Ravyn Lenae: “Spice”

Ravyn Lenae is still a student in high school, and that’s a lesson to not equate age with ability. She is riding the heights of a new wave of phenomenal neo-soul r&b musicians like Noname, Kelela, NAO, SZA, The Internet and others. Her voice, often breathy and high, reaches into an intimate, deep well of emotion. You can hear the inspiration of her forebear Erykah Badu in her voice and of the producer Flying Lotus in the tumbling backbeats that move the instrumentals. Lenae is a synaesthete, hearing colors – and she surely paints beautiful, richly colored paintings with her sounds. She recently followed up her debut EP Moon Shoes with another gorgeous spread, Midnight Moonlight. Keep your ears out for this rising star. Other recommended tracks: “Thirst” and “Genesis.”

 Kamau with Talibah Safiya: “MiNT”

I cannot get enough of Kamau these days. His music is endlessly compelling, grooving and so full of heart. Born Kamau Mbonisi Kwame Agyeman in Washington, D.C., he now lives and creates in Brooklyn, NY. He was nurtured by a childhood filled with music, creativity and family (read his whole story here). These days, he is crafting deeply innovative, potent music led by his stunning, fearless voice. That voice, both reedy and rich, raps biting bars about unbounded police brutality in “PohLease”: “As a black person in America/Say a little prayer to the shepherd/Who let wolves guard the sheep?” His cover of Adele’s “Hometown Glory” is a glorious thing to behold.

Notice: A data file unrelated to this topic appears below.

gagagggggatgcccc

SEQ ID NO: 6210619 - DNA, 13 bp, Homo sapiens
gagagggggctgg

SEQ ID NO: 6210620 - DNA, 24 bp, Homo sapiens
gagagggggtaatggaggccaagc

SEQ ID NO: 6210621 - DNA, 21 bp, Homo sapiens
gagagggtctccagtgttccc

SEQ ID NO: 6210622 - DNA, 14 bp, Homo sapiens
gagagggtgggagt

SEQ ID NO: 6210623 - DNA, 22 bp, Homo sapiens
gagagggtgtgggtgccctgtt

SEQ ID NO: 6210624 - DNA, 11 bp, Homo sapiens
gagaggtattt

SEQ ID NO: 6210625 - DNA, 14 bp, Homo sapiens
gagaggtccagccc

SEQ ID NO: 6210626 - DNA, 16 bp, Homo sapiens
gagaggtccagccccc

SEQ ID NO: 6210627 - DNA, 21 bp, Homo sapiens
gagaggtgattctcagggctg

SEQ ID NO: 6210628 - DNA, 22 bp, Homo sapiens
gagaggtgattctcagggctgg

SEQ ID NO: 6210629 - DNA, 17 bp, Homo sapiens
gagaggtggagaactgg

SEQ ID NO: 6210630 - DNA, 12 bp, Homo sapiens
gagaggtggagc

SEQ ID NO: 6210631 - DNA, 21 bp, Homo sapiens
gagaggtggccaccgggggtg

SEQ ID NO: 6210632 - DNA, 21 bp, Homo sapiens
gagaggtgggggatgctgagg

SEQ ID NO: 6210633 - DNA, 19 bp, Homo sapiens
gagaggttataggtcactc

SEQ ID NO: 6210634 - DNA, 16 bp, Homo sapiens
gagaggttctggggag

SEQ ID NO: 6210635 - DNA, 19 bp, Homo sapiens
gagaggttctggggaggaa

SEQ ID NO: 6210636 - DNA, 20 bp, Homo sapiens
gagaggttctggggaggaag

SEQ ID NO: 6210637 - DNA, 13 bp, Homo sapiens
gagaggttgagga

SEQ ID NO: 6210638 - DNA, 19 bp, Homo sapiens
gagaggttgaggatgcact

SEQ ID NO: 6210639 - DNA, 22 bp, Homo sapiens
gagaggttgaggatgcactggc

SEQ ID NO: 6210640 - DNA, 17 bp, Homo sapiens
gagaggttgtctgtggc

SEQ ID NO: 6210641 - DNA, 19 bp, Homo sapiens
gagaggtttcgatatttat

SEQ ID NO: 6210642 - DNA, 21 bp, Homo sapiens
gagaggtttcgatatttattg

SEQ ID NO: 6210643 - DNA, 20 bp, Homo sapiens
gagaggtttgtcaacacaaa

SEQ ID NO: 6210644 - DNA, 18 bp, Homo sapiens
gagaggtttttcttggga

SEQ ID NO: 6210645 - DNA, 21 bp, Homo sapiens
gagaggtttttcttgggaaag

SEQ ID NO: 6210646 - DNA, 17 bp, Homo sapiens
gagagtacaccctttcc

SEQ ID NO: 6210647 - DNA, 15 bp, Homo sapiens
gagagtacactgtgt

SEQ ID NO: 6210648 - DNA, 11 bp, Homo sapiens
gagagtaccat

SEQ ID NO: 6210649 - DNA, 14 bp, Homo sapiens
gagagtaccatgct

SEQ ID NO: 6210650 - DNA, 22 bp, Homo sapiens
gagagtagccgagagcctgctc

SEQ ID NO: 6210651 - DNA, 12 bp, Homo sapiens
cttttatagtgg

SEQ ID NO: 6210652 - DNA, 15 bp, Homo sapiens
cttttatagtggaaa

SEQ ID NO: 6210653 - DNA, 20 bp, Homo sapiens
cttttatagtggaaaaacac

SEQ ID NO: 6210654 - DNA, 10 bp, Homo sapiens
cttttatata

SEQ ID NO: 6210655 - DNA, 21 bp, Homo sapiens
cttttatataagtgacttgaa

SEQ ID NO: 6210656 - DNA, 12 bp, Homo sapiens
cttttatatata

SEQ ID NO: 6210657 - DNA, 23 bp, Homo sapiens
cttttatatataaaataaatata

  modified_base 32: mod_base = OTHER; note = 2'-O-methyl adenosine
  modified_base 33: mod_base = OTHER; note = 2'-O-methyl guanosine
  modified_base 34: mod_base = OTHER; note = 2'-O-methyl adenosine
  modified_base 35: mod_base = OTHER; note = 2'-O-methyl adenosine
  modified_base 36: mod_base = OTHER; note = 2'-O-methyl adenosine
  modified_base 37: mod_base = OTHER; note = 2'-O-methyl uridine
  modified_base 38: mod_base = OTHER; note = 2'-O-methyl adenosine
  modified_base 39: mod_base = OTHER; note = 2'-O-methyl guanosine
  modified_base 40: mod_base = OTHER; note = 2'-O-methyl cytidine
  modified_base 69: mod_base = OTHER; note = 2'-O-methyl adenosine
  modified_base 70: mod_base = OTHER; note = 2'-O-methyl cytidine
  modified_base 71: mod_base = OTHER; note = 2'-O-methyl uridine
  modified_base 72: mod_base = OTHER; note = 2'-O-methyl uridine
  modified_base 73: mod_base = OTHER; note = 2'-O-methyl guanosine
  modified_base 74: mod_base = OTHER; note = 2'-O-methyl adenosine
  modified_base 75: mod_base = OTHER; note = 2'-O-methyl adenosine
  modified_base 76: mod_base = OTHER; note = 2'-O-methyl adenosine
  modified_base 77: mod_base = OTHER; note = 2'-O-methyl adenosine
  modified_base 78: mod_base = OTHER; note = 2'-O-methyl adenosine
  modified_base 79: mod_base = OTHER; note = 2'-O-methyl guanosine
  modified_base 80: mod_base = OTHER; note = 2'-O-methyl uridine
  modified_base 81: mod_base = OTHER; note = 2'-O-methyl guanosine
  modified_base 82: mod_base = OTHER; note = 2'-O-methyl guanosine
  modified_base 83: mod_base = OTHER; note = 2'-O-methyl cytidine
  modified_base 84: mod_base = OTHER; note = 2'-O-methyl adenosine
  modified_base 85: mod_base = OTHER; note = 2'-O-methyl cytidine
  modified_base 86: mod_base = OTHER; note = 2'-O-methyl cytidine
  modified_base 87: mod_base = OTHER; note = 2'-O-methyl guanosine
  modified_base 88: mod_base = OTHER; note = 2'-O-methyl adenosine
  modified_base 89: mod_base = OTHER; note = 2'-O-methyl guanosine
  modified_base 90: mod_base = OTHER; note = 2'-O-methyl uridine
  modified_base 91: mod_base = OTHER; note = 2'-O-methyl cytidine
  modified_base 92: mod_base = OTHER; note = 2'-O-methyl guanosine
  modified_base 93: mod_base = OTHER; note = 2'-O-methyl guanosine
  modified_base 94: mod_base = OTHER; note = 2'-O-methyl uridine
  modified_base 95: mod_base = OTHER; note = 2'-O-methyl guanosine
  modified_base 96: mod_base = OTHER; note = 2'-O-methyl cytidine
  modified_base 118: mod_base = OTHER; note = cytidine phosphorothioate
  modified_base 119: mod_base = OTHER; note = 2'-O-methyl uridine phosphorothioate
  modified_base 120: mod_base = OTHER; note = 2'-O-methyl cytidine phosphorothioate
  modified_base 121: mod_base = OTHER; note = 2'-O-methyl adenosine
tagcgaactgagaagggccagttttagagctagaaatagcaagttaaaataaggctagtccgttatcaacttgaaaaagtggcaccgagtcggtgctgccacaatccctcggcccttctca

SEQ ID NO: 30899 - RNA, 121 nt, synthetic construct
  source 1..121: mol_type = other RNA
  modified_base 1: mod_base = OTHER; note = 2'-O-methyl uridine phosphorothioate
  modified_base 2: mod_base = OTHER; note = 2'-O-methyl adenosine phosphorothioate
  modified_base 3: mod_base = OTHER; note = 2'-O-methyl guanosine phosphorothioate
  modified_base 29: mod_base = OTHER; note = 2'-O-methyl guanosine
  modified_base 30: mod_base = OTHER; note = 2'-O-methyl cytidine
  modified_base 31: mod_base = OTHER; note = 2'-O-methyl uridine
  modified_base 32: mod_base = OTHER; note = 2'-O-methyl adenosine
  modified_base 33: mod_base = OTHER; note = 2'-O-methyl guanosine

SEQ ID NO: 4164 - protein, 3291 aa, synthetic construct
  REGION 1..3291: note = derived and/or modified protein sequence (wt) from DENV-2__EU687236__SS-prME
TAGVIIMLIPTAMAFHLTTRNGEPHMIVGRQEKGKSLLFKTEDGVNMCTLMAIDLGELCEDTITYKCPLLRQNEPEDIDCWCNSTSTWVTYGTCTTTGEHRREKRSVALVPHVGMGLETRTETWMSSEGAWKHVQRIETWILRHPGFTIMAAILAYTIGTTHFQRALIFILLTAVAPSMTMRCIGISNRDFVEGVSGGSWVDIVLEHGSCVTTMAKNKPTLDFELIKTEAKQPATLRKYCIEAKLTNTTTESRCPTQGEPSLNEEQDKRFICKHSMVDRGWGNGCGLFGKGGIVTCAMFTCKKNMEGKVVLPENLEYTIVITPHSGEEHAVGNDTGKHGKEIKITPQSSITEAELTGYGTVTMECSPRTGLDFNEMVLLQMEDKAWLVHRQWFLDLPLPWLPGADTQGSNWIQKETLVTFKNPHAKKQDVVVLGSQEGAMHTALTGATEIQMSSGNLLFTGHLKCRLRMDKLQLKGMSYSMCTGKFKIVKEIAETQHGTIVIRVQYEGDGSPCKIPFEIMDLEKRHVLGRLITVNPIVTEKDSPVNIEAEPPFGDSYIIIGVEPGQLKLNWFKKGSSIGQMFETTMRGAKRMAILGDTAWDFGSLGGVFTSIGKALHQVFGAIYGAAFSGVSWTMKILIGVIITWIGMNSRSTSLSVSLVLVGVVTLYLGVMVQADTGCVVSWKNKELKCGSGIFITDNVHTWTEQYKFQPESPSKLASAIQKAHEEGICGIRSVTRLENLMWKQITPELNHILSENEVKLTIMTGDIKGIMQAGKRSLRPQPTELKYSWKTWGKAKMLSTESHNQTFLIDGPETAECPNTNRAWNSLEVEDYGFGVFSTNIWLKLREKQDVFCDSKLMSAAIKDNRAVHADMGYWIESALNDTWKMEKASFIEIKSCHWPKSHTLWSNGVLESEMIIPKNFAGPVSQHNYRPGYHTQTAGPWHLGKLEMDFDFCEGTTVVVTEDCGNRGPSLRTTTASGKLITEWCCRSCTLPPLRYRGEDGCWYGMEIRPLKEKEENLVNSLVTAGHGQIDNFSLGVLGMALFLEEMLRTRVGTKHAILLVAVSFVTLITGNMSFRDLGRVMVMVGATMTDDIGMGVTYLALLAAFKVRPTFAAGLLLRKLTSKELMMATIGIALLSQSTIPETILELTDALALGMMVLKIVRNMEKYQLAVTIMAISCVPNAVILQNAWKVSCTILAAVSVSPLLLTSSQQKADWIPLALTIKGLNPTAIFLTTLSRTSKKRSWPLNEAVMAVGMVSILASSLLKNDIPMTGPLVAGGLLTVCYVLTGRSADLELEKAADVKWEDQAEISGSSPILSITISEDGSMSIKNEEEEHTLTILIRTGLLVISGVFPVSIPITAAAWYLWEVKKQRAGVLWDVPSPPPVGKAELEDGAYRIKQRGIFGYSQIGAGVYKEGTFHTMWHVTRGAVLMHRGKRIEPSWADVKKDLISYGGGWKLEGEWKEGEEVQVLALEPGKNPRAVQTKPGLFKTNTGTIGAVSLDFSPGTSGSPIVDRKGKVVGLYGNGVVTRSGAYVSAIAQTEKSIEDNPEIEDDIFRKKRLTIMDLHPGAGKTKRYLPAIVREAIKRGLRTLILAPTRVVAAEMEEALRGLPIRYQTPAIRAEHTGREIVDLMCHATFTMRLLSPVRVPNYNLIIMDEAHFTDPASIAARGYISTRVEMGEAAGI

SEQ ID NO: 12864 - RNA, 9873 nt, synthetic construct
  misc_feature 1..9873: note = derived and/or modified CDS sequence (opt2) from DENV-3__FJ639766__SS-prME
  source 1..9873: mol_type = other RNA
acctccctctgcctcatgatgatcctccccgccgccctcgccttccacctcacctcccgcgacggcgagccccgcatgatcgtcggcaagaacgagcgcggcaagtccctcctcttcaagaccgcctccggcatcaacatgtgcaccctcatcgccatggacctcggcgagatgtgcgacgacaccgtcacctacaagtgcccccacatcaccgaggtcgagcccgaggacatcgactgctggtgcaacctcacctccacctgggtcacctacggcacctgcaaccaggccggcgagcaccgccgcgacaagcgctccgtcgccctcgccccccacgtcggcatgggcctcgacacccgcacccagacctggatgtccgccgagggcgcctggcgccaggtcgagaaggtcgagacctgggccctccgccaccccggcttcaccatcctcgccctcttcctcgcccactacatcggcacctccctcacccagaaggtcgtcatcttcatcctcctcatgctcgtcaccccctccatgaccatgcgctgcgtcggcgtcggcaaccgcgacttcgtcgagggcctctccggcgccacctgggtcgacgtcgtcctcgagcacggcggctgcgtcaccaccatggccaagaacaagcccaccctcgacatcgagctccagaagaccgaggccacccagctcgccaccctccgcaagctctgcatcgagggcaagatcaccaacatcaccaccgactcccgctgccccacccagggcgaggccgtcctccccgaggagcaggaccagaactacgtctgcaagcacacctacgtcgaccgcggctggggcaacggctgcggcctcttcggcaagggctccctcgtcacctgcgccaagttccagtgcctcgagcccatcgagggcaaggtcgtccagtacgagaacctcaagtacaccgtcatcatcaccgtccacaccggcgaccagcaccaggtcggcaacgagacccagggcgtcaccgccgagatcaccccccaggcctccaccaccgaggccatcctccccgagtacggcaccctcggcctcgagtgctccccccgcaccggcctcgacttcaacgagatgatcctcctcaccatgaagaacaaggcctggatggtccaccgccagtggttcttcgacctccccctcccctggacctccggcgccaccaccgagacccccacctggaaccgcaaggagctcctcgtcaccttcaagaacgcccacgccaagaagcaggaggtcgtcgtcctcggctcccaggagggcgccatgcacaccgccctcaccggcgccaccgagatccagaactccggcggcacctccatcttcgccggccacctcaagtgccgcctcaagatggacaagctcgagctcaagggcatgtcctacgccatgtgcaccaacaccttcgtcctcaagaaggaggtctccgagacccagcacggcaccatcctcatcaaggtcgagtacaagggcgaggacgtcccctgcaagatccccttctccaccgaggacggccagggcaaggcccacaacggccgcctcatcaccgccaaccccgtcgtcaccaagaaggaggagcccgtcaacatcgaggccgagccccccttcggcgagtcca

Not only is his music brilliant, his videos are works of art (he was a film major at Pratt Institute), particularly those for the songs off his 2016 EP, A Gorgeous Fortune. All the videos feature the same characters and, beginning with the video for “Gaims,” tell a story, each video ending where the clip for the next song picks up. His characters travel through love, jealousy, frustration, disillusionment and brutality at the hands of the police. In this recently released video, “MiNT,” Kamau sings a song of love with the gorgeous voice of Talibah Safiyah over a laid-back soul vibe. Keep up to speed with Kamau on his Facebook here.